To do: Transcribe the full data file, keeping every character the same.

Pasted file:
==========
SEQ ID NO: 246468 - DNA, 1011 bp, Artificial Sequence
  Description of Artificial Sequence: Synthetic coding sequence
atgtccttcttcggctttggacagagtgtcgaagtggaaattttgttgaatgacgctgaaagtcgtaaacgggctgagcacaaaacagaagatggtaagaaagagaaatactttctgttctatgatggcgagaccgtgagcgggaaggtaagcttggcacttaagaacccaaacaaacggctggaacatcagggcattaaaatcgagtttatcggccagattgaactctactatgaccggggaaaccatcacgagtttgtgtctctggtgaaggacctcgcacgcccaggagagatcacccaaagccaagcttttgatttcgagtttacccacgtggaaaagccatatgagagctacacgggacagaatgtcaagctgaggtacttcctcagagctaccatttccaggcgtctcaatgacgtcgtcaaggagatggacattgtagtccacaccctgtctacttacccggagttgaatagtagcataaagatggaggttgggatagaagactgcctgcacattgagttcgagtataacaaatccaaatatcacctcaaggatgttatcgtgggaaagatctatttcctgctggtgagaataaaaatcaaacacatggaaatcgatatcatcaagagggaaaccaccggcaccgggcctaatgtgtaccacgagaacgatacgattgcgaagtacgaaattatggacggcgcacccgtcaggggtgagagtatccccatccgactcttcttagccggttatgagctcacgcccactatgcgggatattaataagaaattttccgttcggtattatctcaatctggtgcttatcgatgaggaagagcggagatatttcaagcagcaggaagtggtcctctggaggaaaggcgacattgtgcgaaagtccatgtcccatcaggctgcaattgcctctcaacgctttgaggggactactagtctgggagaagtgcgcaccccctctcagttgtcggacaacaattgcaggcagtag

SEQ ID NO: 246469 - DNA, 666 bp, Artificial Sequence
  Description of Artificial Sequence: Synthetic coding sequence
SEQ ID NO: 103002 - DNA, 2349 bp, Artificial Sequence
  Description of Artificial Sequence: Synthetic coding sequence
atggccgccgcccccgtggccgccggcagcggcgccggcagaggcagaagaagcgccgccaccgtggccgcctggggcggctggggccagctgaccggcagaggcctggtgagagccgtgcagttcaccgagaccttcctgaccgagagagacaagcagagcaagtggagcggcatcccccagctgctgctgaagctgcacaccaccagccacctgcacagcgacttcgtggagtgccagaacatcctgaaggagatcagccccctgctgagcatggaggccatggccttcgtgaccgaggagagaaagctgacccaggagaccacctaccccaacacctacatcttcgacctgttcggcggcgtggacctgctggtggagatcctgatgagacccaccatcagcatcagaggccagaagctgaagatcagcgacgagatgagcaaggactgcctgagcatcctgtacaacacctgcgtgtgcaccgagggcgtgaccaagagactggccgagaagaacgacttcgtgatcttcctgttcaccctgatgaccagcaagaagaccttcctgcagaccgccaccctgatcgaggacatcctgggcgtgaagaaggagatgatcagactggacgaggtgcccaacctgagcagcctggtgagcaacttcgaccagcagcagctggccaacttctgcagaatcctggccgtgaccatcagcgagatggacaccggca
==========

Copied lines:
SEQ ID NO: 246468 - DNA, 1011 bp, Artificial Sequence
  Description of Artificial Sequence: Synthetic coding sequence
atgtccttcttcggctttggacagagtgtcgaagtggaaattttgttgaatgacgctgaaagtcgtaaacgggctgagcacaaaacagaagatggtaagaaagagaaatactttctgttctatgatggcgagaccgtgagcgggaaggtaagcttggcacttaagaacccaaacaaacggctggaacatcagggcattaaaatcgagtttatcggccagattgaactctactatgaccggggaaaccatcacgagtttgtgtctctggtgaaggacctcgcacgcccaggagagatcacccaaagccaagcttttgatttcgagtttacccacgtggaaaagccatatgagagctacacgggacagaatgtcaagctgaggtacttcctcagagctaccatttccaggcgtctcaatgacgtcgtcaaggagatggacattgtagtccacaccctgtctacttacccggagttgaatagtagcataaagatggaggttgggatagaagactgcctgcacattgagttcgagtataacaaatccaaatatcacctcaaggatgttatcgtgggaaagatctatttcctgctggtgagaataaaaatcaaacacatggaaatcgatatcatcaagagggaaaccaccggcaccgggcctaatgtgtaccacgagaacgatacgattgcgaagtacgaaattatggacggcgcacccgtcaggggtgagagtatccccatccgactcttcttagccggttatgagctcacgcccactatgcgggatattaataagaaattttccgttcggtattatctcaatctggtgcttatcgatgaggaagagcggagatatttcaagcagcaggaagtggtcctctggaggaaaggcgacattgtgcgaaagtccatgtcccatcaggctgcaattgcctctcaacgctttgaggggactactagtctgggagaagtgcgcaccccctctcagttgtcggacaacaattgcaggcagtag

SEQ ID NO: 246469 - DNA, 666 bp, Artificial Sequence
  Description of Artificial Sequence: Synthetic coding sequence
SEQ ID NO: 103002 - DNA, 2349 bp, Artificial Sequence
  Description of Artificial Sequence: Synthetic coding sequence
atggccgccgcccccgtggccgccggcagcggcgccggcagaggcagaagaagcgccgccaccgtggccgcctggggcggctggggccagctgaccggcagaggcctggtgagagccgtgcagttcaccgagaccttcctgaccgagagagacaagcagagcaagtggagcggcatcccccagctgctgctgaagctgcacaccaccagccacctgcacagcgacttcgtggagtgccagaacatcctgaaggagatcagccccctgctgagcatggaggccatggccttcgtgaccgaggagagaaagctgacccaggagaccacctaccccaacacctacatcttcgacctgttcggcggcgtggacctgctggtggagatcctgatgagacccaccatcagcatcagaggccagaagctgaagatcagcgacgagatgagcaaggactgcctgagcatcctgtacaacacctgcgtgtgcaccgagggcgtgaccaagagactggccgagaagaacgacttcgtgatcttcctgttcaccctgatgaccagcaagaagaccttcctgcagaccgccaccctgatcgaggacatcctgggcgtgaagaaggagatgatcagactggacgaggtgcccaacctgagcagcctggtgagcaacttcgaccagcagcagctggccaacttctgcagaatcctggccgtgaccatcagcgagatggacaccggca